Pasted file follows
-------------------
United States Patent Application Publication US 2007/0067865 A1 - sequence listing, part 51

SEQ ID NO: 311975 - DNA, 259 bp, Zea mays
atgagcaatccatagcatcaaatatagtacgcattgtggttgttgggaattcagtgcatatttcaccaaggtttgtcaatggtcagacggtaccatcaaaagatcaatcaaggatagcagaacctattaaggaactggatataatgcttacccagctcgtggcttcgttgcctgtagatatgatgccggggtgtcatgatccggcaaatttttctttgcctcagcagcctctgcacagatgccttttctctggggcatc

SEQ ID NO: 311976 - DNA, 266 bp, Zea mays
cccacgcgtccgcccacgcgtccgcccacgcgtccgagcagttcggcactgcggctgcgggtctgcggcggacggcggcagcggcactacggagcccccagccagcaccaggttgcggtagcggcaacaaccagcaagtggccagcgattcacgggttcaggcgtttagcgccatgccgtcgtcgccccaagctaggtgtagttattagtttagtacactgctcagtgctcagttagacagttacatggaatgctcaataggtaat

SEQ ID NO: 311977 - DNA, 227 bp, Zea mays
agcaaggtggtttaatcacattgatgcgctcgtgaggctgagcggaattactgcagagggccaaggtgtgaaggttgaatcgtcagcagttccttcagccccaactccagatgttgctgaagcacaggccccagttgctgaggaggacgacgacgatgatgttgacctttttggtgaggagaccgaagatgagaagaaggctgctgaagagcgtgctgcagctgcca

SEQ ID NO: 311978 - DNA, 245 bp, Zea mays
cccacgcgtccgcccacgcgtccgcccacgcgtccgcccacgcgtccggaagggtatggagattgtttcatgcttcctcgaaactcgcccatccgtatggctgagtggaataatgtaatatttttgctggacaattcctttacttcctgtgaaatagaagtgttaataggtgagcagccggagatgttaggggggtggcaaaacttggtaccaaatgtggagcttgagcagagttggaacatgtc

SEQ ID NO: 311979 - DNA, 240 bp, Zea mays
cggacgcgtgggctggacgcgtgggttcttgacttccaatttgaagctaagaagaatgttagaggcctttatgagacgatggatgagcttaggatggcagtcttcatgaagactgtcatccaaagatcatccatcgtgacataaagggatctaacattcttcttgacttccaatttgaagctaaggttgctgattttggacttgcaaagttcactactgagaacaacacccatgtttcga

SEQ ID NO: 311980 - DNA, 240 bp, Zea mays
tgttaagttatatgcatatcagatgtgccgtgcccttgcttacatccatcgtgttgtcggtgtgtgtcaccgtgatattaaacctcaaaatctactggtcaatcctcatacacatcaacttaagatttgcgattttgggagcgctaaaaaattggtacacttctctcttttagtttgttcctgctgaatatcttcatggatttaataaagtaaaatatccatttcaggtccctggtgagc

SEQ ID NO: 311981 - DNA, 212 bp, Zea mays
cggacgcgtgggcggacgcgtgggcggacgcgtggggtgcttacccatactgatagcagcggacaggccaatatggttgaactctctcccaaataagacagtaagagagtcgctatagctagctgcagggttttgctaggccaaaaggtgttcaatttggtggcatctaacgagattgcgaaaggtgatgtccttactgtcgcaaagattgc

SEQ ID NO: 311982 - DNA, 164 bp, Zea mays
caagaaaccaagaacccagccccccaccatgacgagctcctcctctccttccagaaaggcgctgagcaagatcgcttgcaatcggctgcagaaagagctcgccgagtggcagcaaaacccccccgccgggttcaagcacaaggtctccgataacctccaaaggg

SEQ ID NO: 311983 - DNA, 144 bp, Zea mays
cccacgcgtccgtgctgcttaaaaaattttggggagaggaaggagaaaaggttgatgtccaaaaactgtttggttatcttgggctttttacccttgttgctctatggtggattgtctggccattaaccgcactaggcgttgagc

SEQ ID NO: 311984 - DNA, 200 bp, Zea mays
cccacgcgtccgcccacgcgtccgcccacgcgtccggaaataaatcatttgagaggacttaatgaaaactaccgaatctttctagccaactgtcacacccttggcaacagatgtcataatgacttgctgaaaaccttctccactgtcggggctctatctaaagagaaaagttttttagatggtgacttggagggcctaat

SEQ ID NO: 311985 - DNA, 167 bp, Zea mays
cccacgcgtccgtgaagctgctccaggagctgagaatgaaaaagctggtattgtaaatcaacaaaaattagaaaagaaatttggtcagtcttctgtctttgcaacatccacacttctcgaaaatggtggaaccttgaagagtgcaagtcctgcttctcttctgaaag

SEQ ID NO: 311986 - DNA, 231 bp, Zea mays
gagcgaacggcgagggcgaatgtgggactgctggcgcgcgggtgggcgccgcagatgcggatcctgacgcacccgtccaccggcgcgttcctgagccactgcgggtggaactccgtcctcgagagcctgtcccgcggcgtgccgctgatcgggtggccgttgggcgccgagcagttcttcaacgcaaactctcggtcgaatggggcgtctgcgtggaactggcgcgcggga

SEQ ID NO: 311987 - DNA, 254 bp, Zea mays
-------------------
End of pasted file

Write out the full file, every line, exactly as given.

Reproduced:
United States Patent Application Publication US 2007/0067865 A1 - sequence listing, part 51

SEQ ID NO: 311975 - DNA, 259 bp, Zea mays
atgagcaatccatagcatcaaatatagtacgcattgtggttgttgggaattcagtgcatatttcaccaaggtttgtcaatggtcagacggtaccatcaaaagatcaatcaaggatagcagaacctattaaggaactggatataatgcttacccagctcgtggcttcgttgcctgtagatatgatgccggggtgtcatgatccggcaaatttttctttgcctcagcagcctctgcacagatgccttttctctggggcatc

SEQ ID NO: 311976 - DNA, 266 bp, Zea mays
cccacgcgtccgcccacgcgtccgcccacgcgtccgagcagttcggcactgcggctgcgggtctgcggcggacggcggcagcggcactacggagcccccagccagcaccaggttgcggtagcggcaacaaccagcaagtggccagcgattcacgggttcaggcgtttagcgccatgccgtcgtcgccccaagctaggtgtagttattagtttagtacactgctcagtgctcagttagacagttacatggaatgctcaataggtaat

SEQ ID NO: 311977 - DNA, 227 bp, Zea mays
agcaaggtggtttaatcacattgatgcgctcgtgaggctgagcggaattactgcagagggccaaggtgtgaaggttgaatcgtcagcagttccttcagccccaactccagatgttgctgaagcacaggccccagttgctgaggaggacgacgacgatgatgttgacctttttggtgaggagaccgaagatgagaagaaggctgctgaagagcgtgctgcagctgcca

SEQ ID NO: 311978 - DNA, 245 bp, Zea mays
cccacgcgtccgcccacgcgtccgcccacgcgtccgcccacgcgtccggaagggtatggagattgtttcatgcttcctcgaaactcgcccatccgtatggctgagtggaataatgtaatatttttgctggacaattcctttacttcctgtgaaatagaagtgttaataggtgagcagccggagatgttaggggggtggcaaaacttggtaccaaatgtggagcttgagcagagttggaacatgtc

SEQ ID NO: 311979 - DNA, 240 bp, Zea mays
cggacgcgtgggctggacgcgtgggttcttgacttccaatttgaagctaagaagaatgttagaggcctttatgagacgatggatgagcttaggatggcagtcttcatgaagactgtcatccaaagatcatccatcgtgacataaagggatctaacattcttcttgacttccaatttgaagctaaggttgctgattttggacttgcaaagttcactactgagaacaacacccatgtttcga

SEQ ID NO: 311980 - DNA, 240 bp, Zea mays
tgttaagttatatgcatatcagatgtgccgtgcccttgcttacatccatcgtgttgtcggtgtgtgtcaccgtgatattaaacctcaaaatctactggtcaatcctcatacacatcaacttaagatttgcgattttgggagcgctaaaaaattggtacacttctctcttttagtttgttcctgctgaatatcttcatggatttaataaagtaaaatatccatttcaggtccctggtgagc

SEQ ID NO: 311981 - DNA, 212 bp, Zea mays
cggacgcgtgggcggacgcgtgggcggacgcgtggggtgcttacccatactgatagcagcggacaggccaatatggttgaactctctcccaaataagacagtaagagagtcgctatagctagctgcagggttttgctaggccaaaaggtgttcaatttggtggcatctaacgagattgcgaaaggtgatgtccttactgtcgcaaagattgc

SEQ ID NO: 311982 - DNA, 164 bp, Zea mays
caagaaaccaagaacccagccccccaccatgacgagctcctcctctccttccagaaaggcgctgagcaagatcgcttgcaatcggctgcagaaagagctcgccgagtggcagcaaaacccccccgccgggttcaagcacaaggtctccgataacctccaaaggg

SEQ ID NO: 311983 - DNA, 144 bp, Zea mays
cccacgcgtccgtgctgcttaaaaaattttggggagaggaaggagaaaaggttgatgtccaaaaactgtttggttatcttgggctttttacccttgttgctctatggtggattgtctggccattaaccgcactaggcgttgagc

SEQ ID NO: 311984 - DNA, 200 bp, Zea mays
cccacgcgtccgcccacgcgtccgcccacgcgtccggaaataaatcatttgagaggacttaatgaaaactaccgaatctttctagccaactgtcacacccttggcaacagatgtcataatgacttgctgaaaaccttctccactgtcggggctctatctaaagagaaaagttttttagatggtgacttggagggcctaat

SEQ ID NO: 311985 - DNA, 167 bp, Zea mays
cccacgcgtccgtgaagctgctccaggagctgagaatgaaaaagctggtattgtaaatcaacaaaaattagaaaagaaatttggtcagtcttctgtctttgcaacatccacacttctcgaaaatggtggaaccttgaagagtgcaagtcctgcttctcttctgaaag

SEQ ID NO: 311986 - DNA, 231 bp, Zea mays
gagcgaacggcgagggcgaatgtgggactgctggcgcgcgggtgggcgccgcagatgcggatcctgacgcacccgtccaccggcgcgttcctgagccactgcgggtggaactccgtcctcgagagcctgtcccgcggcgtgccgctgatcgggtggccgttgggcgccgagcagttcttcaacgcaaactctcggtcgaatggggcgtctgcgtggaactggcgcgcggga

SEQ ID NO: 311987 - DNA, 254 bp, Zea mays